Terminating Employees via Text and Email
Considering the public outrage and media hype surrounding Hutchinson’s termination of nearly 100 employees, it is not surprising the Maritime Union of Australia (MUA) has been successful in its last minute bid to seek an injunction to reverse the termination.
In late July, Hutchinson circulated an internal memorandum to workers highlighting the likelihood of redundancies, but providing all workers an opportunity to respond to the redundancy. On 6 August 2015 at 11.30pm, 97 Hutchinson employees received a text message asking them to check their email accounts for an important letter concerning the business’s redundancy program. The email contained confirmation that each of the 97 employees would no longer be retained by Hutchinson in their existing roles, and there would be no chance of redeployment opportunities within the organisation.
MUA alleges that Hutchinson has breached the terms of its enterprise agreement with its employees, by terminating its employees without honouring the agreement’s consultation or dispute resolution clauses. By failing to follow the stipulated consultation process, Hutchinson’s termination of its employee was always likely to attract claims of unfair dismissal, and there is no surprise in the court’s decision to grant the injunction to MUA. Although Hutchinson argue the overturning of the termination is tantamount to forcing a business to retain employees for whom there was no work, it is required to rescind its termination, pending a final decision.
Except for instances where employers have no other practical way of contacting employees, termination via text or email should not be utilised when the option of a face to face meeting is possible. Under the Fair Work Act, there is no assurance that by utilising unorthodox termination methods such as text or email, an employer will be guaranteed a win for unfair dismissal against their employer. Realistically, the Fair Work Tribunal is not so much interested in the manner in which the dismissal occurred, but rather, whether it was harsh, unjust or unreasonable.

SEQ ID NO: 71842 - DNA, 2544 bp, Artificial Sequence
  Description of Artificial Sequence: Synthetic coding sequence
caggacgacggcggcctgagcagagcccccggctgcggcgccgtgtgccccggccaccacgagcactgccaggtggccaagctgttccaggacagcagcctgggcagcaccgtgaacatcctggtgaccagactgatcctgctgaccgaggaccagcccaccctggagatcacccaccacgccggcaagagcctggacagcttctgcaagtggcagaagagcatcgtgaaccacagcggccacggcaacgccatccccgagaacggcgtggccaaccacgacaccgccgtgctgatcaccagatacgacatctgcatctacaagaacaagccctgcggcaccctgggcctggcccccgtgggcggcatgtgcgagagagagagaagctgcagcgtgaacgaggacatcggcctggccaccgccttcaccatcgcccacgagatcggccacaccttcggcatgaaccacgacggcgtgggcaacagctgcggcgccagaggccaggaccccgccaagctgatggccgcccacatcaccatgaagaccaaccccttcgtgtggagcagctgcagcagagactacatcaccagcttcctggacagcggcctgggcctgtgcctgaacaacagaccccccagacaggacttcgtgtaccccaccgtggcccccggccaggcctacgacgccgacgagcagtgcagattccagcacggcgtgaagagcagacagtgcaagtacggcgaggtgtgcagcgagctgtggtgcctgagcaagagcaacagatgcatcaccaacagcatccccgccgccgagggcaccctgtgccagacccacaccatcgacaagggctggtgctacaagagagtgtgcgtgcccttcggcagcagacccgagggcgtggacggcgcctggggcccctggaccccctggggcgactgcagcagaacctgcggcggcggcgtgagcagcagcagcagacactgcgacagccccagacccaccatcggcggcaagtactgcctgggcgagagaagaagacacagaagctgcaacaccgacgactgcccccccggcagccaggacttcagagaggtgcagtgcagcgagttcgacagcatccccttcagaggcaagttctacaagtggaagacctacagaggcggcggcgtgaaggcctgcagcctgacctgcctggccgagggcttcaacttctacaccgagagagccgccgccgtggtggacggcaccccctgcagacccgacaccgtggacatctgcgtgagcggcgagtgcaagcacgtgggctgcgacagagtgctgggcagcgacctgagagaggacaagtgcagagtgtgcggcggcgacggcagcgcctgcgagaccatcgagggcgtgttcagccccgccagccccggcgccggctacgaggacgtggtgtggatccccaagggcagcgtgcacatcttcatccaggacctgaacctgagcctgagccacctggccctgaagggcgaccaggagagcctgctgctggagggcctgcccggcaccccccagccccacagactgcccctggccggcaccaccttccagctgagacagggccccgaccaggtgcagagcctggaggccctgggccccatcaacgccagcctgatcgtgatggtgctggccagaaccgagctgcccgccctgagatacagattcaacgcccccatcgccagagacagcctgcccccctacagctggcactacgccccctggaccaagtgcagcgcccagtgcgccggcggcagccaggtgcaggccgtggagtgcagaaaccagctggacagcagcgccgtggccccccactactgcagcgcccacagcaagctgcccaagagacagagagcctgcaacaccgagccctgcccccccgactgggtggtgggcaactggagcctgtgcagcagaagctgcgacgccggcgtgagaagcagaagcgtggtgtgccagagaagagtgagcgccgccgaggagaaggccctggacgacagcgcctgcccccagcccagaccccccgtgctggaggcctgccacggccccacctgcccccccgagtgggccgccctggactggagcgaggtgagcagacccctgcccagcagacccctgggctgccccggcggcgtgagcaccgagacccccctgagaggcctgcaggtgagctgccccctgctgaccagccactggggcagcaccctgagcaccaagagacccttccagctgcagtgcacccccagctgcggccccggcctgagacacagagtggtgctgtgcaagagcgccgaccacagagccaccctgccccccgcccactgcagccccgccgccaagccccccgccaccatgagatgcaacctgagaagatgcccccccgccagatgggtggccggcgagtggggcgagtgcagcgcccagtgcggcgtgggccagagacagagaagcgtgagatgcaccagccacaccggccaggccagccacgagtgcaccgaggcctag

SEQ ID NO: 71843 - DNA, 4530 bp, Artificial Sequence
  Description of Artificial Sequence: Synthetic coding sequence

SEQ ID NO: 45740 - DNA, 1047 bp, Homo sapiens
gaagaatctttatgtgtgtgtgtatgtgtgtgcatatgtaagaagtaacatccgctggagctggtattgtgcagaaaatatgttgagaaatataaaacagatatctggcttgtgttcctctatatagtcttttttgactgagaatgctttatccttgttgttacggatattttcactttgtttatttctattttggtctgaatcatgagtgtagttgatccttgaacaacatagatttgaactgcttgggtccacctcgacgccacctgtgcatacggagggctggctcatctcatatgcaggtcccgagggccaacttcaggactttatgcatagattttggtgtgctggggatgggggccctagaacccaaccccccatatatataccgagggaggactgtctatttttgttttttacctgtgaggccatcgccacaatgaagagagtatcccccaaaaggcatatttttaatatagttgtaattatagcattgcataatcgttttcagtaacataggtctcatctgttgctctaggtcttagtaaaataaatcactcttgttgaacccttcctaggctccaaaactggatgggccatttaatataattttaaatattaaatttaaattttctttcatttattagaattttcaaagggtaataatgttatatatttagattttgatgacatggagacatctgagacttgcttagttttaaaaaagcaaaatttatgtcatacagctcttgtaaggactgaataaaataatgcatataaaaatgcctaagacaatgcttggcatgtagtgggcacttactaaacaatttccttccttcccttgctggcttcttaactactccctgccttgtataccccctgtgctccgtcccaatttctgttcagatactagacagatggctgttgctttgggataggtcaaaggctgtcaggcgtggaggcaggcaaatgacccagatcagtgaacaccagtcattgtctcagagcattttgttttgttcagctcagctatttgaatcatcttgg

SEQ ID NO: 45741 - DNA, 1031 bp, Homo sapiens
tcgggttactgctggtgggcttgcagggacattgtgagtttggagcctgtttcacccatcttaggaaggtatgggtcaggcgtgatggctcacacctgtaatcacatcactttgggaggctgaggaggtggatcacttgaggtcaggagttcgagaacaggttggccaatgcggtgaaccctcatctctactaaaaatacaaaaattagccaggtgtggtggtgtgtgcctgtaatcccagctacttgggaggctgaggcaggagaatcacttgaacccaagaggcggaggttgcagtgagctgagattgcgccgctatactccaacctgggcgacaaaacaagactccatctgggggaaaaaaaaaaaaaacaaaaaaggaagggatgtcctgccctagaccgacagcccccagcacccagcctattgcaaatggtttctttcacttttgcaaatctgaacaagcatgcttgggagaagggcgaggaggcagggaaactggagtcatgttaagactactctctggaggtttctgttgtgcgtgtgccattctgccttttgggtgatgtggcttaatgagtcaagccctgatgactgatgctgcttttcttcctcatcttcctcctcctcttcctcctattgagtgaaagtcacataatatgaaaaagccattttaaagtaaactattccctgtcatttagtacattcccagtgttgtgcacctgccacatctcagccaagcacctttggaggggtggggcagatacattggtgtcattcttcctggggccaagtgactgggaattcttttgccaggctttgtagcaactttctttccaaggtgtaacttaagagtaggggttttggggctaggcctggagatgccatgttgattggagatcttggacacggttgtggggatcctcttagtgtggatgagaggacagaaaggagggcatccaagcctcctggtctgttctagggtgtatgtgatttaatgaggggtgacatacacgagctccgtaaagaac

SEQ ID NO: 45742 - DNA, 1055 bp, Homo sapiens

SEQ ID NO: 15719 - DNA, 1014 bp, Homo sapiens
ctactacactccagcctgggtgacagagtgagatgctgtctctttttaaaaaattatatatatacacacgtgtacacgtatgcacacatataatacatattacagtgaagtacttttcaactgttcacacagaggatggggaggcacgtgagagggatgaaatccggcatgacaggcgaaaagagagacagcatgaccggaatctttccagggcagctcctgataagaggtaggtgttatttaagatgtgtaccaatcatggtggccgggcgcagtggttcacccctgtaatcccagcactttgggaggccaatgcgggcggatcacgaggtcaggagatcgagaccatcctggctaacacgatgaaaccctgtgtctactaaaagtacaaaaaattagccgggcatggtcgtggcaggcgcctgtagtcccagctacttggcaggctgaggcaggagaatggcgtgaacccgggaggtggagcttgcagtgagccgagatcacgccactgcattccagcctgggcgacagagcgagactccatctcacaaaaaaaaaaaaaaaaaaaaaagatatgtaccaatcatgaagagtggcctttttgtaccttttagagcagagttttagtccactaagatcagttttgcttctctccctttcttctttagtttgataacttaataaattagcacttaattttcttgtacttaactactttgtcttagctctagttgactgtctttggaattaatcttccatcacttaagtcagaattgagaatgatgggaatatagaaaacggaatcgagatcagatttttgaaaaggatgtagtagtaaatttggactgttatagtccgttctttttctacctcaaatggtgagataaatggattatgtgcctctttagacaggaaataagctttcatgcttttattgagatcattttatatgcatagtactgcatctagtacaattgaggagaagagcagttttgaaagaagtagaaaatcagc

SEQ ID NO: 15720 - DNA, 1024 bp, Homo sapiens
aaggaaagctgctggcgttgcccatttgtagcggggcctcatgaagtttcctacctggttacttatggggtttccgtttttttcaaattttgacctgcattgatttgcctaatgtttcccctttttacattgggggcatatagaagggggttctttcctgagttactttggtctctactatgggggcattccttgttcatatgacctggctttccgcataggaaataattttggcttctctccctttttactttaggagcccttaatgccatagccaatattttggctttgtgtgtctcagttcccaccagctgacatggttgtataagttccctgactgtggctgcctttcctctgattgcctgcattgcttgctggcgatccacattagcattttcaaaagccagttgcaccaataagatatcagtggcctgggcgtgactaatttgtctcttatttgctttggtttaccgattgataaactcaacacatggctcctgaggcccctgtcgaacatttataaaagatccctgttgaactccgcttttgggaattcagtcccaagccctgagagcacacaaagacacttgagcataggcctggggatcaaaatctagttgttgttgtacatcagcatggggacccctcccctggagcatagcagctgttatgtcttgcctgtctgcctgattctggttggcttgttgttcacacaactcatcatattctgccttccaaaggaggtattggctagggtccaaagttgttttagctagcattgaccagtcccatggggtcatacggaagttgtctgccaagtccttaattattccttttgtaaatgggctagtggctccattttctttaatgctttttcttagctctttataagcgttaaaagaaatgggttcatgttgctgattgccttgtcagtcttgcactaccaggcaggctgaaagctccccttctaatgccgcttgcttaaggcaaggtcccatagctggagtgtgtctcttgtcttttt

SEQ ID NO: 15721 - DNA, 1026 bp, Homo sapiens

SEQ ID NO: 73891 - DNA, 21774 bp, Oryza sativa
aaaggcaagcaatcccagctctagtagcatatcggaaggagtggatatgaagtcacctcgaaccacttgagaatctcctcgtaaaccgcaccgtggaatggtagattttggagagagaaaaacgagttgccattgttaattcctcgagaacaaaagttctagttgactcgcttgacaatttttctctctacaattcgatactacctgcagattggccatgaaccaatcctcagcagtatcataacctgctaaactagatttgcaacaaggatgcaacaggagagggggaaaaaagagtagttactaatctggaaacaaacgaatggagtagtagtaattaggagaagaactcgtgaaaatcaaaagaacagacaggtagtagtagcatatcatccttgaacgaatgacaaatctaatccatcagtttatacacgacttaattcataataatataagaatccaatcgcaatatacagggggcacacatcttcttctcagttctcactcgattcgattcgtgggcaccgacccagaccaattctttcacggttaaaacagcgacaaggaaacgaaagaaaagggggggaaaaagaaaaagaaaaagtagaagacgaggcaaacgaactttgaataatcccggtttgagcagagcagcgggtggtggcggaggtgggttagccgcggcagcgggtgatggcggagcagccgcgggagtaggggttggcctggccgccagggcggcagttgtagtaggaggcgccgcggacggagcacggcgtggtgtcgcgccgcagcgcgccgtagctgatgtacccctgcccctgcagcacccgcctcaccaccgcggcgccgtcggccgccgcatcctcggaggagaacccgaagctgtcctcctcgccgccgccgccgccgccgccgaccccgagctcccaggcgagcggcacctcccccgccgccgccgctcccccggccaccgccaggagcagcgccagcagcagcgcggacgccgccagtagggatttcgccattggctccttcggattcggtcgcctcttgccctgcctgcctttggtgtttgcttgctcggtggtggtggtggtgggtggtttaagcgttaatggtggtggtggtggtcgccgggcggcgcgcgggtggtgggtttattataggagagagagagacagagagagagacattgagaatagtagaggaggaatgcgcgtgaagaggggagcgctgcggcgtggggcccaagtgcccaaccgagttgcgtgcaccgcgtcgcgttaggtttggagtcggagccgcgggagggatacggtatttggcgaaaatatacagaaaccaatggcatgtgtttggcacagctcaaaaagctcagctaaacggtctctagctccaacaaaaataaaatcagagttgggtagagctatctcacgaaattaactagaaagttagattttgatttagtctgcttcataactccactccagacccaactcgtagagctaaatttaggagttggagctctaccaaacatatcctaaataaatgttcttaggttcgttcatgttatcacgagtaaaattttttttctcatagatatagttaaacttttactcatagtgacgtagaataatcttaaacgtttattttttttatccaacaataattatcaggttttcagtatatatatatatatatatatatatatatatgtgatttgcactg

At the end of the day, Hutchinson’s only saving grace will be for the stevedore to prove, that regardless of the manner in which its employees were dismissed, employees would still have been made redundant, even if Hutchinson had complied with its consultation obligations. If Hutchinson can prove the result would not have been any different, they may be able to maintain the redundancies were genuine and not harsh, unjust or unreasonable.
Although, it is unlikely there will be any light at the end of the tunnel for Hutchinson’s employees, the court’s decision does provide a stark reality for all employers seeking to circumvent contractual obligations to save time and costs.Employers should endeavor to follow the terms agreed to with respect to the termination of employees, and avoid any attempts to cut corners. Employers should be mindful of the likelihood of prolonged legal proceedings and the burden of adverse costs orders for failing to follow simple steps in restructuring or downsizing. By disregarding basic contractual obligations, employers often commit themselves to starting off on the wrong foot, a mistake Hutchinson is unlikely to repeat.
For industrial relations advice in this area, McLaughlins Lawyers on the Gold Coast can assist employers with respect to their rights, entitlements and obligations under their Enterprise Agreements and at law with respect to terminating employees.
Author: Joshua Rath
Partner: Ian Kennedy